Photo Engineer
04-03-2013, 11:14 AM
Thanks Bob. Thanks Mark.

We hope to have many more of these workshops, and we are always happy to meet with people, as long as schedules permit.

Both Mark and I have run workshops at the Formulary ( in the Pacific NW ). Sorry that those of you on the left coast missed them.


04-03-2013, 11:21 AM
So you've the left and right coast covered, what about the "middle coast" and "down coast"?

Photo Engineer
04-03-2013, 01:07 PM

Mark and France have the middle and down covered with workshops. Mark is going to WY next week and France has been to NM teaching. Mark has also been to MN (IIRC) within the last month. Of course he is about 2 decades younger than I am!

Take a workshop and then go into the teaching business yourself! :)

Others have done it!


04-03-2013, 03:07 PM
There is no excuse. If I can fly over from the UK and have a very enjoyable week, anyone can. It was a privilege to work with so many nice people in pleasant surroundings.

And of course at Eastman House which of course adds to the magic of the place. This is one of my attempts.
Mark and Co. were great teachers guided of course by the Master!



Mark Osterman
04-03-2013, 03:33 PM
We had people from the left coast as well as England attend. It's like that with all our workshops. Denise Ross is much closer to you...ask her to do a workshop.

Mark Osterman
04-04-2013, 07:32 PM
More pictures from our two recent bromide emulsion workshops. We had a real mix of crazy weather both weeks. Still, we made over 100 negatives and had some very nice test plates.


04-04-2013, 08:21 PM
Looking good! Thanks for the share!

04-04-2013, 09:02 PM
Mark/Ron/Nick/Chris - Thanks for all you do to teach others! Looks like fun! Rochester might be calling one day...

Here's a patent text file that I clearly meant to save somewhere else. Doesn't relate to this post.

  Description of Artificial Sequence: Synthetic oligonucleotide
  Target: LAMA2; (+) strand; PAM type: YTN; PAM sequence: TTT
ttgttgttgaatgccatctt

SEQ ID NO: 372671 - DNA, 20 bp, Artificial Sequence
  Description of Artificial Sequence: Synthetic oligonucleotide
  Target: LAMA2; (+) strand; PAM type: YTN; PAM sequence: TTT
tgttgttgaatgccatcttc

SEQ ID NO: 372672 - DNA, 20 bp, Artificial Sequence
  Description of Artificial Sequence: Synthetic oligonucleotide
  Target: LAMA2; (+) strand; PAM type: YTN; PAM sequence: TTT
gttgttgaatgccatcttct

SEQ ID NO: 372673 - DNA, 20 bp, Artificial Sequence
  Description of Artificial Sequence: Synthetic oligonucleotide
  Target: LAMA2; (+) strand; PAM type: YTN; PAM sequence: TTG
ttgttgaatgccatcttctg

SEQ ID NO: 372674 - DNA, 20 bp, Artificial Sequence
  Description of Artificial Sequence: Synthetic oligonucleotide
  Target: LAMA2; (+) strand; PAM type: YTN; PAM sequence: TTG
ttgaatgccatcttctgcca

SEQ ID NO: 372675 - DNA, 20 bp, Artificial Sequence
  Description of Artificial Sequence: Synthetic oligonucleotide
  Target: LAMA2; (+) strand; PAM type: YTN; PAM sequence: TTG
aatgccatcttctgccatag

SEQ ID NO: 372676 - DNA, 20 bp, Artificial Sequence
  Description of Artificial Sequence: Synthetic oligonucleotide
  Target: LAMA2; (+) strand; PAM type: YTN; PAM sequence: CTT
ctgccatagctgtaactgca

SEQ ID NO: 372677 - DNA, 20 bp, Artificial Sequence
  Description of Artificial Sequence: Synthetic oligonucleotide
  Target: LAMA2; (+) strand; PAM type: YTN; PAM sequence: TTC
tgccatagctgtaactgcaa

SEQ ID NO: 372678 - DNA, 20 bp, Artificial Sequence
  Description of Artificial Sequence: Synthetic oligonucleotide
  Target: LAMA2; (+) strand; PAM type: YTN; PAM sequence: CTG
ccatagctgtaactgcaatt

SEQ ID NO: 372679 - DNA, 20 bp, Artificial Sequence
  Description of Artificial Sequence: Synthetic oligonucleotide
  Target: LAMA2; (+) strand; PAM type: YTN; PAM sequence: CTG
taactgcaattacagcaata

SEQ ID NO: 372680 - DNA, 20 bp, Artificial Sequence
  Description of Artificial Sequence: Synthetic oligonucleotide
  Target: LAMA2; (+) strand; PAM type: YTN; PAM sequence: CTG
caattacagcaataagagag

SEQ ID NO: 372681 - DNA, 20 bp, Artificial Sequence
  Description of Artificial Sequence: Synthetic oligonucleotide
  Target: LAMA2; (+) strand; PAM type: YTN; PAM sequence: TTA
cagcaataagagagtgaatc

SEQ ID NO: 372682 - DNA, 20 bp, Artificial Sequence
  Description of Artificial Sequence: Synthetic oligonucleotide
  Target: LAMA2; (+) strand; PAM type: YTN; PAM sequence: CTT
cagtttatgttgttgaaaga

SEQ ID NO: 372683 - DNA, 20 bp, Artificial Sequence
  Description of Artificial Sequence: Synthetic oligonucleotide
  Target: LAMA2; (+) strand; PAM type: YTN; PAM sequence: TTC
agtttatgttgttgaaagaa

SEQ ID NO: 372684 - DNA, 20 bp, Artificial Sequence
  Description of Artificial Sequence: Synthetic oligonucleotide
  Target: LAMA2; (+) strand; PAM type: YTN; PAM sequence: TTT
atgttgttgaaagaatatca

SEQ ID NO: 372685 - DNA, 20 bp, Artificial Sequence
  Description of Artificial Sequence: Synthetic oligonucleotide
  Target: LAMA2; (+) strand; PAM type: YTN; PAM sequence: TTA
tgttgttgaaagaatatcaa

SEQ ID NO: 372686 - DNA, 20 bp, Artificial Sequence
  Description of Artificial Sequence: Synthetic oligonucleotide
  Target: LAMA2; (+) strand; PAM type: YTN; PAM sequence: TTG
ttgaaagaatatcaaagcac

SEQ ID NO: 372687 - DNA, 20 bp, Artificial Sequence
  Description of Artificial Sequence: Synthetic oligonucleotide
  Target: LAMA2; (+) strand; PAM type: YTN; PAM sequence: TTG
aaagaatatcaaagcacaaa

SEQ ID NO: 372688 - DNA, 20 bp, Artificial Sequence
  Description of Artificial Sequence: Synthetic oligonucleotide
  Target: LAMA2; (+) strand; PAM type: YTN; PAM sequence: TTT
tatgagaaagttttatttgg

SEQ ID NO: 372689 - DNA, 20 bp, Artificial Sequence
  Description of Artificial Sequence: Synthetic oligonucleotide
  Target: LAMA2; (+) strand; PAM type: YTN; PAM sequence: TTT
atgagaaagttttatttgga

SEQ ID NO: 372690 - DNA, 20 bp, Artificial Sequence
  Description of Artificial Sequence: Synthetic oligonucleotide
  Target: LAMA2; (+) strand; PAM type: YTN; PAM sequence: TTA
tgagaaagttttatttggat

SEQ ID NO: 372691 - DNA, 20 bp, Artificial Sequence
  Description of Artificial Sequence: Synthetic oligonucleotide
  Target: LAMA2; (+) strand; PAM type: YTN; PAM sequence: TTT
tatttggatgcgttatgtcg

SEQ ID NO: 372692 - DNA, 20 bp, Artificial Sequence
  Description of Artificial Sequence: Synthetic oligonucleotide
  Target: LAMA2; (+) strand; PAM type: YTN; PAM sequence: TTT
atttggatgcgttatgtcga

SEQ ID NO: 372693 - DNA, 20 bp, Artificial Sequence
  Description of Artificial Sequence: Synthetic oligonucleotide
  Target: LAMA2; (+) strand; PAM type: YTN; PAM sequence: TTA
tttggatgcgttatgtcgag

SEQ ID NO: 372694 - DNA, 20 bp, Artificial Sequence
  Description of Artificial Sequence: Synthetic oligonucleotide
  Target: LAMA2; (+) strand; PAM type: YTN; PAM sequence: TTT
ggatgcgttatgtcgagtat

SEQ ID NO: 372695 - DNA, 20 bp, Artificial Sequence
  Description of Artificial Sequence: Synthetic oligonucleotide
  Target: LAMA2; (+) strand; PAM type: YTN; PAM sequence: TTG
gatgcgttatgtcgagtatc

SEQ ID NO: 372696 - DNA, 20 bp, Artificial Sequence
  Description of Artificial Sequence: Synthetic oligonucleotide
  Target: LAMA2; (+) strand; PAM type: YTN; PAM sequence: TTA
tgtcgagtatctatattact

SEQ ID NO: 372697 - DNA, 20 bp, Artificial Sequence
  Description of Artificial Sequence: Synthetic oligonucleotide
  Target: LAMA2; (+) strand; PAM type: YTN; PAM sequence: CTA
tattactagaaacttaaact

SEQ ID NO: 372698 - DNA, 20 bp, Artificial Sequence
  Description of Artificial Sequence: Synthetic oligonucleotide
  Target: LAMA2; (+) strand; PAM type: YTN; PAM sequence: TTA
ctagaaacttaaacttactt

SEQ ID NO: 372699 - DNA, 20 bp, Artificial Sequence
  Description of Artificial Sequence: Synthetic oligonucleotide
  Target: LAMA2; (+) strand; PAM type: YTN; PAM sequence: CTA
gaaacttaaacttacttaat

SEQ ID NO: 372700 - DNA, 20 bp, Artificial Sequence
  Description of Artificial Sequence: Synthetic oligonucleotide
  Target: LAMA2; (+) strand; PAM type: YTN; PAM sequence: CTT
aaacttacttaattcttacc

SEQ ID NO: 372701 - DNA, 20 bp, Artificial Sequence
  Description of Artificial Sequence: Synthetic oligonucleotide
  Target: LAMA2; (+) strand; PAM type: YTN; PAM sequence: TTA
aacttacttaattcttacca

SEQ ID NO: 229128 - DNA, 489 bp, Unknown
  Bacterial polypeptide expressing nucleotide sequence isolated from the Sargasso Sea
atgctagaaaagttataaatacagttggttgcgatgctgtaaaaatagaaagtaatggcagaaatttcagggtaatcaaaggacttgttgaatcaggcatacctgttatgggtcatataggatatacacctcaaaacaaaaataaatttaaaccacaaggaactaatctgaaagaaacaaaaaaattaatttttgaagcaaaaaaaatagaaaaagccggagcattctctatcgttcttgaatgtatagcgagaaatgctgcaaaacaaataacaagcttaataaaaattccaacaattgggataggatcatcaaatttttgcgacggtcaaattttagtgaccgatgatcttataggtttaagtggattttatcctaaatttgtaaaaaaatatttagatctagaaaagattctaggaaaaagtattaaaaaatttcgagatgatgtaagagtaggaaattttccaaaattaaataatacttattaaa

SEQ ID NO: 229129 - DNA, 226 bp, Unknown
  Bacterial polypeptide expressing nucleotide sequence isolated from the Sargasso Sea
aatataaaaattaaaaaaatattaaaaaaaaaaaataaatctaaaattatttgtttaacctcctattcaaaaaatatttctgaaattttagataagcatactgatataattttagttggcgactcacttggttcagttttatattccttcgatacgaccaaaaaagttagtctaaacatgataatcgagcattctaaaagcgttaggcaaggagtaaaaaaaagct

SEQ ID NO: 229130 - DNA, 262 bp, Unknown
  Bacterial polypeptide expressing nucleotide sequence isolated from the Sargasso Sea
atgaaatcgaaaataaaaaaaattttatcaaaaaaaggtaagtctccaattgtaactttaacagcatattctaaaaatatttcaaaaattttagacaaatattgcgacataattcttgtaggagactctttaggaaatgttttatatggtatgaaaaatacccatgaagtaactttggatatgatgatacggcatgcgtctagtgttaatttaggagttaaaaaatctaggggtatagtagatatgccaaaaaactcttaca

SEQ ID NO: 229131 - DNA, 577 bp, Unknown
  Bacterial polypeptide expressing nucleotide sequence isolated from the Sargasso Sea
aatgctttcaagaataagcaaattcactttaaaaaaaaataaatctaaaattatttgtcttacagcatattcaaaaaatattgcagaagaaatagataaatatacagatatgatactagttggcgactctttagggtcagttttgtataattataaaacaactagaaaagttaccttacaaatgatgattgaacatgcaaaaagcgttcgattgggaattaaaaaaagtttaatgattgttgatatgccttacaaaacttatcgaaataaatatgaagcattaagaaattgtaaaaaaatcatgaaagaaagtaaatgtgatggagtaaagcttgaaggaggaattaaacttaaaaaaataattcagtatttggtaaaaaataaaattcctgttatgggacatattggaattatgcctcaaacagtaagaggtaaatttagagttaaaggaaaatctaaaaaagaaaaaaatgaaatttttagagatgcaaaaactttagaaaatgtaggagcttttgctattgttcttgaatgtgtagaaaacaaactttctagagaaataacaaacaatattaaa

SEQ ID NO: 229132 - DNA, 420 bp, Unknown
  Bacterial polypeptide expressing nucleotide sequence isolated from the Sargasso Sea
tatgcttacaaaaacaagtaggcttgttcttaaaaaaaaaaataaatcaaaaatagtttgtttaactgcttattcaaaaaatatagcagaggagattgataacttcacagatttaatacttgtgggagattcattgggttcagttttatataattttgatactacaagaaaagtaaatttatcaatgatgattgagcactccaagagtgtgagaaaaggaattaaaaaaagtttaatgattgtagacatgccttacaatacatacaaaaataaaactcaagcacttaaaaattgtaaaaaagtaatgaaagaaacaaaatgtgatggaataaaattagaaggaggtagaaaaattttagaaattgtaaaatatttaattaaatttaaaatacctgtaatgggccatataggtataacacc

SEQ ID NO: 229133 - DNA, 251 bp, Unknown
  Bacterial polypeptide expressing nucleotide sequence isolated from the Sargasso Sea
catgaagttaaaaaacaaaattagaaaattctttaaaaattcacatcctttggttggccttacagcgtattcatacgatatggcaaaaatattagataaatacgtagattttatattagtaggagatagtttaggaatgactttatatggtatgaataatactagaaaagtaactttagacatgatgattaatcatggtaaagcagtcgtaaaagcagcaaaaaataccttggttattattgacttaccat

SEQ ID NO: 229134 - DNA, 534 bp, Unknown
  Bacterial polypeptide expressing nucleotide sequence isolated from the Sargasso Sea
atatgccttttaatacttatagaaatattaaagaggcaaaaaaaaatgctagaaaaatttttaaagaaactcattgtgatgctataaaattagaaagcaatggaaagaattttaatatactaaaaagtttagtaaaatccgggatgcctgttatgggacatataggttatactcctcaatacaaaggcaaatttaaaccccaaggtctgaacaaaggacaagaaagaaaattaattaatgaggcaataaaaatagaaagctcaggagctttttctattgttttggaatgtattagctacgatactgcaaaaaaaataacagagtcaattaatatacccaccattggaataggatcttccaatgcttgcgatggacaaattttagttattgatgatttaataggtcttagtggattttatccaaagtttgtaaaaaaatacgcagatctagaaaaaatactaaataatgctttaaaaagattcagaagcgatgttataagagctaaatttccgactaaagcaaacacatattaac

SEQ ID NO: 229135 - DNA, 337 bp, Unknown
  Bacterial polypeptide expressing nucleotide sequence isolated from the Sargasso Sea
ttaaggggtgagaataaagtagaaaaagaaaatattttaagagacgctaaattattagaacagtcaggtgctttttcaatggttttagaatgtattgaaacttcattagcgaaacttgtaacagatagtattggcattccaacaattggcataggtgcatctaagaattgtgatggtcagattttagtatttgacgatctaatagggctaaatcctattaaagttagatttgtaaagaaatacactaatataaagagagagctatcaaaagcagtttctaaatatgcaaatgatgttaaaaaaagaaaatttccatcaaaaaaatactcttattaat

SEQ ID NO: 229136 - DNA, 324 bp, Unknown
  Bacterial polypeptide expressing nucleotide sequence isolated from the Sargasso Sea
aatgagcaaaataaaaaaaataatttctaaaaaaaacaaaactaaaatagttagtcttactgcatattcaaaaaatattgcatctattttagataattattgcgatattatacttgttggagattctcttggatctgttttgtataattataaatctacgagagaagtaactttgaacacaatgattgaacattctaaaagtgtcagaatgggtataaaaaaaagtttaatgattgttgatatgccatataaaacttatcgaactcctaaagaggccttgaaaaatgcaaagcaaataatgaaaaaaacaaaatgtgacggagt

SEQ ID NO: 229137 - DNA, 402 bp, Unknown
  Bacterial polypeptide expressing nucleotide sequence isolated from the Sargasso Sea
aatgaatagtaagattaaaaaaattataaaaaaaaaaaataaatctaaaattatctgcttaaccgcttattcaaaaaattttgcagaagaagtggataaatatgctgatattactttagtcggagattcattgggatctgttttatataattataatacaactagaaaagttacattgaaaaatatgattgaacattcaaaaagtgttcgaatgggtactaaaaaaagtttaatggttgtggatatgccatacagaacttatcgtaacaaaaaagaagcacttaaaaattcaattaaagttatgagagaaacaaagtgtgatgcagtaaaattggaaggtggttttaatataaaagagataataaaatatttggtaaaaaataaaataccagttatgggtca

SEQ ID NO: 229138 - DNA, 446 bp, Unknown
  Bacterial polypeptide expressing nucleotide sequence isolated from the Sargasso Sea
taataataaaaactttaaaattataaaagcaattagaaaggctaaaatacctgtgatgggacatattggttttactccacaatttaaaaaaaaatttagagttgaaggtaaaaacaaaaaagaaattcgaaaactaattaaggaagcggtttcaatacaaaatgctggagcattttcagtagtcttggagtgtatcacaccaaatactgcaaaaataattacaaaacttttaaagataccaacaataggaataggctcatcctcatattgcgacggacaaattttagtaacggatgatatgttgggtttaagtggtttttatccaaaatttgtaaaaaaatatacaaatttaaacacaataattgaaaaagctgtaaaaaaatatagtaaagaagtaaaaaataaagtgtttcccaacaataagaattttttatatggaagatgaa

Yes, I'd like to thank you all for your hard work running the workshop! I really enjoyed it and look forward to making the emulsion we learned at home (I' gathering what I need)

04-04-2013, 09:53 PM
Can I ask a silly question, I've never considered making my own emulsion to coat plates, film, paper, etc., but why does it seem that the workshops I have seen that create materials create types that are not often avail (eg a bromide only paper, which I believe is only made in matte by Slavich, AZO which only one company sells, or a slow ISO film 25 or so - which is not even made anymore, I think)? See my point? It's like these workshops teach how to make materials that are limited or impossible to get!

Disclosure - I'm a fan of slooooowwwww film and bromide paper! Why's it seem the few places making this kind of great goods is at these kind of workshops?! I think you all are drawing me in :)

Would love to make a tips to Rochester to see where it all began ( in the states at least)

Photo Engineer
04-04-2013, 10:08 PM

Each emulsion is specific to a given target purpose. Also, you cannot run before you walk. So, you learn in stages and you move in the direction you want most. A paper emulsion is AgCl or AgClBr. A film emulsion is AgBr or AgBrI and the method to make them is different.

So, if you ever get oranges from an apple tree, let me know! :D


04-04-2013, 10:22 PM
Makes sense. I just want to see one of you all selling these neat materials!

04-04-2013, 10:40 PM
Actually I had no problem finding the chemicals required at Artcraft Chemicals or Photographer's Formulary with the exception of thymol. I spoke to a nice lady at Photographers Formulary today and she said suppliers only want to sell them huge amounts which used to not be the case. The only expensive material is, as you'd expect, silver nitrate. Is there a substitute preserative for thymol???

Photo Engineer
04-04-2013, 11:51 PM
You can do without Thymol if you use the emulsion right away (within about 1 month). After that, all bets are off.


05-25-2013, 08:25 PM
It was a great workshop.
I am now shooting with my 2nd home brewed batch of emulsion. I tried slowing down the injection of the silver nitrate. No noticeable speed increase.

Please keep me informed if there is an advanced class next year. Thanks.